Patricia Ruiz-Healy champions Latinx and South Texas artists in both San Antonio and Manhattan

Ruiz Healy opened her Olmos Park gallery in 2006 and expanded her scope with a New York City location in 2019.

click to enlarge Patricia Ruiz-Healy poses with San Antonio-born artist Alejandro Diaz in her New York City gallery. - Courtesy Photo / Ruiz-Healy Art
Courtesy Photo / Ruiz-Healy Art
Patricia Ruiz-Healy poses with San Antonio-born artist Alejandro Diaz in her New York City gallery.

Raised on a ranch in Sonora, Mexico, Patricia Ruiz-Healy developed a fondness for books around the age of 4.

"I was a little nerd growing up," she admitted. "And growing up on a ranch, there are not a lot of books."

While studying English in London just after high school, Ruiz-Healy experienced a lightbulb moment at the Courtald Museum. Gazing at Édouard Manet's mysterious 1882 painting A Bar at the Folies-Bergère, she realized she wanted to study art history.

That pivotal discovery sparked Ruiz-Healy to earn numerous degrees, the most recent being a Ph. D. in Latin American studies — with an unsurprising concentration in art history — from the University of Texas at Austin in 2017.

A San Antonio fixture since the 1990s, Ruiz-Healy turned her passion into a business in 2006 by establishing Ruiz-Healy Art — an Olmos Park gallery dedicated to showcasing Latin American, Latinx and South Texas artists. In 2019, she expanded her scope by opening a New York City gallery that frequently places San Antonio artists on a global platform. Beyond her gallery program, Ruiz-Healy is the exclusive representative of the estate of Chuck Ramirez, a late local legend who left indelible impressions on his native San Antonio.

We recently caught up with Ruiz-Healy to chat about recent exhibitions at both her galleries, her experience at New York's renowned Armory Show, and her forthcoming fall showcase for California-based textile artist Consuelo Jimenez Underwood.

click to enlarge César A. Martínez, Bato Azul, 1986. - Courtesy Photo / Ruiz-Healy Art
Courtesy Photo / Ruiz-Healy Art
César A. Martínez, Bato Azul, 1986.

Repping San Antonio in New York

Situated on Manhattan's Upper East Side, Ruiz-Healy's New York gallery has done San Antonio proud since day one, opening its doors with a photography exhibition pairing Chuck Ramirez with Peruvian artist Cecilia Paredes.

"I don't remember receiving so many flowers in a long time," Ruiz-Healy recalled. "Everybody was so excited for us to be open there."

Since then, her East Coast gallery has hosted solo exhibitions for San Antonio artists Jennifer Ling Datchuk (2019's "Don't Tell Me to Smile") and César A. Martínez (2021's "Mi Gente") and a two-person show uniting Jesse Amado and Alejandro Diaz (2020's "Double Pleasure").

"Jesse and Alejandro have been friends forever, but they hadn't exhibited together for a long time," Ruiz-Healy said of the show uniting San Antonio-based Amado and New York-based Diaz, an Alamo City native.

Timed with this year's Hispanic Heritage Month, the New York gallery's "Contemporary Latinx and Latin American Printmakers" exhibition included works by San Antonio artists including Juan de Dios Mora, Richard Armendariz and Michael Menchaca.

Sweetening the deal, Ruiz-Healy consistently sells San Antonio-created work in New York. While Chuck Ramirez's stark yet poignant photographs of downtrodden everyday objects and César A. Martinez's hybridized Chicano portraits are among her heaviest hitters, Ruiz-Healy says she's made sales for all the artists she represents.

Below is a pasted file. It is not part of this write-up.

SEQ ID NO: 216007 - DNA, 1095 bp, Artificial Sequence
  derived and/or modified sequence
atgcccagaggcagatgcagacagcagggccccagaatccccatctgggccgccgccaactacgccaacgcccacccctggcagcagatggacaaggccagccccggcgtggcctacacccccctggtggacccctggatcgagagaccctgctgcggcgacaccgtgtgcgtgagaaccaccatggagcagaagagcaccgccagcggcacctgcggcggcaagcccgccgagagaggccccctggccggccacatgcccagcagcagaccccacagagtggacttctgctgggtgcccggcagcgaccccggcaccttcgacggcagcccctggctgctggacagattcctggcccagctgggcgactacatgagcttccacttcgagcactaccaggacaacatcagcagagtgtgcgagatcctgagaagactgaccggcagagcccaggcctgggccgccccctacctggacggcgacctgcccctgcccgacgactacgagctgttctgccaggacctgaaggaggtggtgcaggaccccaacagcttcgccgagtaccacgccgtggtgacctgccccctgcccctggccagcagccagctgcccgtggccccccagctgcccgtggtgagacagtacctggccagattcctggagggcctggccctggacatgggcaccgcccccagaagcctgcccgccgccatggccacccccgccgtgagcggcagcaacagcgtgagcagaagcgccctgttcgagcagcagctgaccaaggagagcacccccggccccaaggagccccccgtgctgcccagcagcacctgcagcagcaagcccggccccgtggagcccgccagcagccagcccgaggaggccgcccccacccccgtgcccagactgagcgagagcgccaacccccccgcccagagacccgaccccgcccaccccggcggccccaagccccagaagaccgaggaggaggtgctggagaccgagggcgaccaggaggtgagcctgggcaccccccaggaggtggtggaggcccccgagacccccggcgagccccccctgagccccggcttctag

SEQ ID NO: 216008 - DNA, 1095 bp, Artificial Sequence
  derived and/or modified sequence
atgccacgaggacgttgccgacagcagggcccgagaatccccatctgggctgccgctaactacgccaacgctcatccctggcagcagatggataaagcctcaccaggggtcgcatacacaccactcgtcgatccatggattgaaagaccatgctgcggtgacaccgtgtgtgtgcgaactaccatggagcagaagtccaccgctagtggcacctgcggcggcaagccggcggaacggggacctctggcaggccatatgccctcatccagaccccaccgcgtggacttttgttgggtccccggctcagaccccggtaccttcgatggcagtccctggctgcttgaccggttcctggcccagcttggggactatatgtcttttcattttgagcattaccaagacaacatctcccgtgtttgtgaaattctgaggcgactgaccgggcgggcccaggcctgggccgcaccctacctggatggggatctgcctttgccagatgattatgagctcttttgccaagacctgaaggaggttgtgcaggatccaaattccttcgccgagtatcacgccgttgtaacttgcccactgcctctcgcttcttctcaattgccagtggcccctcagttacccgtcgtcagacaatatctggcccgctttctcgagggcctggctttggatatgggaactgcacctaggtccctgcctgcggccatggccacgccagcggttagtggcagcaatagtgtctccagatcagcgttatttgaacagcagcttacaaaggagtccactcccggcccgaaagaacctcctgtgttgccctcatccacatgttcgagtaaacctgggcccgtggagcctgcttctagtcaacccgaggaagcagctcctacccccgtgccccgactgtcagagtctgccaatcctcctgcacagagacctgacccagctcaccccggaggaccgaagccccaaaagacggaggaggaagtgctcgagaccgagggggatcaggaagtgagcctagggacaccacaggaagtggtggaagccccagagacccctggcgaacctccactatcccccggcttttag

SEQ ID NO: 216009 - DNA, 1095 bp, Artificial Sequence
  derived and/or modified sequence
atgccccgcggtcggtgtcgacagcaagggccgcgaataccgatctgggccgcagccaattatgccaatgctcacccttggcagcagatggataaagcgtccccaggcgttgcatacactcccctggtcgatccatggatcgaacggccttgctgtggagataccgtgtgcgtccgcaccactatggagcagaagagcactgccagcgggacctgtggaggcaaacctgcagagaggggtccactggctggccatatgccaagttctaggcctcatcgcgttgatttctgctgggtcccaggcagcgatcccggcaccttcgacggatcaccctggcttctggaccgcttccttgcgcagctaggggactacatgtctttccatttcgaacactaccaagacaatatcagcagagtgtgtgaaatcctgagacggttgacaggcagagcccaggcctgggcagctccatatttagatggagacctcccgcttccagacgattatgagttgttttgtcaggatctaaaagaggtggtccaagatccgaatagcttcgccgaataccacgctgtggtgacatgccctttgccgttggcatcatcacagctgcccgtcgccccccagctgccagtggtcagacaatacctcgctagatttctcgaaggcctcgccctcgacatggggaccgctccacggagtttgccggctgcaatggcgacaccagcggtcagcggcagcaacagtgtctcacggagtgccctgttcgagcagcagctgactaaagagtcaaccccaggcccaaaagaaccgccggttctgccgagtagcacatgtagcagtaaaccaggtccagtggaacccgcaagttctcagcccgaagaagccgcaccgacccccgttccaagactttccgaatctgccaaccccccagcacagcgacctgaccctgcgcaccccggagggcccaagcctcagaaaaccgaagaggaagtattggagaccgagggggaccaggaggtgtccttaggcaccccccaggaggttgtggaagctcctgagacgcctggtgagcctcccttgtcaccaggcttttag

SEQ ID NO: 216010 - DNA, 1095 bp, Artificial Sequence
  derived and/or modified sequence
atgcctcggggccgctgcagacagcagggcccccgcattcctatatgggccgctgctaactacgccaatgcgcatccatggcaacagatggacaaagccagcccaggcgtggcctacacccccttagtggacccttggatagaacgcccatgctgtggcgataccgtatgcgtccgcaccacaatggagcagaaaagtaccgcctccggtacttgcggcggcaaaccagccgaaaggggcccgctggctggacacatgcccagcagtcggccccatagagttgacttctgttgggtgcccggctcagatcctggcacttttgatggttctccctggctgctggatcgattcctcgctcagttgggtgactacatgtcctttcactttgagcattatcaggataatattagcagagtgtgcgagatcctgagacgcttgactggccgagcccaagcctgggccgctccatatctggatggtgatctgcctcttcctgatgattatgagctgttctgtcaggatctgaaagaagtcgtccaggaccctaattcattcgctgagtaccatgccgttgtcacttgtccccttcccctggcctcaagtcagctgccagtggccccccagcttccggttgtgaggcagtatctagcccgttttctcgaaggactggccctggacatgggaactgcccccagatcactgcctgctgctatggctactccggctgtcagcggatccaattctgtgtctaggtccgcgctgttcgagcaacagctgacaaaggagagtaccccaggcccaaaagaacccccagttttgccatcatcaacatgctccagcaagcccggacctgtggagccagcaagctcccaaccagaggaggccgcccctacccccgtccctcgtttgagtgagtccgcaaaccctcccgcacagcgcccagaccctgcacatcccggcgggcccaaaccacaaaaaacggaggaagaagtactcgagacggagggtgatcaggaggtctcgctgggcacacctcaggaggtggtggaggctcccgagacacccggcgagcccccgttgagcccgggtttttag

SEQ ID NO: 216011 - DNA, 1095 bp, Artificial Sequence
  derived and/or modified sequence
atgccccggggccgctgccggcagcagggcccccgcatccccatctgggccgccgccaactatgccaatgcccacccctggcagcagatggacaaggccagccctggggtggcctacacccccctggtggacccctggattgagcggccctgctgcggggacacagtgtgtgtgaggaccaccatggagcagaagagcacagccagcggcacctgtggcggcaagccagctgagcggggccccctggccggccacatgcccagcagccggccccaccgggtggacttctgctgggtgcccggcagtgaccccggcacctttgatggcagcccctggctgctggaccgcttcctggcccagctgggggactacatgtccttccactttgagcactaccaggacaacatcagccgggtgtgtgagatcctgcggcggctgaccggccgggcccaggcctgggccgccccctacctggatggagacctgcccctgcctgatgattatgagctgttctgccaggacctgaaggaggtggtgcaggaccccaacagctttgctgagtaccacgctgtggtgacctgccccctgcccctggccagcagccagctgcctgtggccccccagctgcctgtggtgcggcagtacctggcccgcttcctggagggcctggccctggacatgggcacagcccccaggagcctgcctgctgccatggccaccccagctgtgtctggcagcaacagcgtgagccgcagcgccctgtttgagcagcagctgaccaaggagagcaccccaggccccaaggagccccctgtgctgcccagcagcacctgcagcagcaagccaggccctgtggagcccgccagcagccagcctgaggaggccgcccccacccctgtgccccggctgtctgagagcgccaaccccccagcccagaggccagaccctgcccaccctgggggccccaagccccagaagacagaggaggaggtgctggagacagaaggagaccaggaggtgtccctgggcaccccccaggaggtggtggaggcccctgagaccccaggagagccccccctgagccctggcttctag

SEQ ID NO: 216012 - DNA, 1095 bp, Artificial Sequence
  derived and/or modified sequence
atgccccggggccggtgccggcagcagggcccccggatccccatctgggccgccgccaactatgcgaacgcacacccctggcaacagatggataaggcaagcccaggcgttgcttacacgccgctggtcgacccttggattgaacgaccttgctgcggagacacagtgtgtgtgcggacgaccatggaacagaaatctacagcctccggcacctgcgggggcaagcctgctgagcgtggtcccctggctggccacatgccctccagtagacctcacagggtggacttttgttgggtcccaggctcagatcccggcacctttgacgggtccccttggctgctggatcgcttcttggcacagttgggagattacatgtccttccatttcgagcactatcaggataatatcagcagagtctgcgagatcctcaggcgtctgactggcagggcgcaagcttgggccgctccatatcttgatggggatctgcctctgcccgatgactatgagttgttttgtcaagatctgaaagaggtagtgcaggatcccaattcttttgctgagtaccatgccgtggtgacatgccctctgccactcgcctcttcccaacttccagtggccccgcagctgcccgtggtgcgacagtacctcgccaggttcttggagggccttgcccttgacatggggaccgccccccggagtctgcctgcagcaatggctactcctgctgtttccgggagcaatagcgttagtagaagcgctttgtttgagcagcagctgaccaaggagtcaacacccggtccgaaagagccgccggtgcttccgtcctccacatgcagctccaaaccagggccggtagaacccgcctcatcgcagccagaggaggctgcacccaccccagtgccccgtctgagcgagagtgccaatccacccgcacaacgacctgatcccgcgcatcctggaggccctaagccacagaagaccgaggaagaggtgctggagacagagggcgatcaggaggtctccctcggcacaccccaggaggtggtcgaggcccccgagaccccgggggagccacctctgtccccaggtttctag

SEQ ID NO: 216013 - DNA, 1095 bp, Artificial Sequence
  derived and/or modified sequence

Facilitated by her presence in what's arguably the center of the art world, Ruiz-Healy also connects with game-changing curators and institutions. A shining example of this moving and shaking is New York's iconic El Museo del Barrio purchasing San Antonio artist Ethel Shipton's 2020-piece Change/Cambio — a riff on the Coca-Cola logo rendered in house paint and vinyl.

click to enlarge Chuck Ramirez, Long-Term Survivor: Cocktail, 1999, 2022. - Courtesy Photo / Ruiz-Healy Art
Courtesy Photo / Ruiz-Healy Art
Chuck Ramirez, Long-Term Survivor: Cocktail, 1999, 2022.

Keeping Chuck's legacy alive

In September of this year, Ruiz-Healy Art was among the 200-plus exhibitors at New York's Armory Show — a fair The Art Newspaper summed up as "an increasingly global juggernaut."

"It really worked well because they had a focus of Latinx and Latin American artists," Ruiz-Healy said of her first time participating in the art fair. "The curator reached out to us and said she was interested in the gallery program."

After brainstorming with her daughter Patti, who serves as director of the New York gallery, Ruiz-Healy decided to use the invitation as an opportunity to celebrate one of Chuck Ramirez's lesser-known projects.

"One of the duties of the estate is to show works that have not been seen as much," she explained. "So we thought about 'Long-Term Survivor.' This is the first time it has been replicated since 1999. It has been shown here and there in sections — but not entirely."

Originally presented at Artpace, the project illustrated issues Ramirez faced as a gay man living with AIDS. Using photography, video, wit and cynicism, Ramirez laid things bare in his signature style: leather chaps, a day-by-day pill organizer and a spinning cock ring — the latter of which Ruiz-Healy admits she had to practice saying with confidence.

In his review of the Armory Show for The Art Newspaper, writer Daniel Cassidy highlighted the enduring relevance of Ramirez's work: "The most poignant works here are two large-scale photos depicting his daily 'cocktail,' the drugs he took to keep the condition at bay. In each daily compartment in the plastic pillbox, the shadow of expensive, hard-to-get and lifesaving drugs is a reminder that just this week a conservative judge in Texas ruled that drugs that prevent HIV infection can no longer be given out for free as part of the Affordable Care Act because they 'could infringe upon the rights of employers under a law called the Religious Freedom Restoration Act,' according to a Reuters report."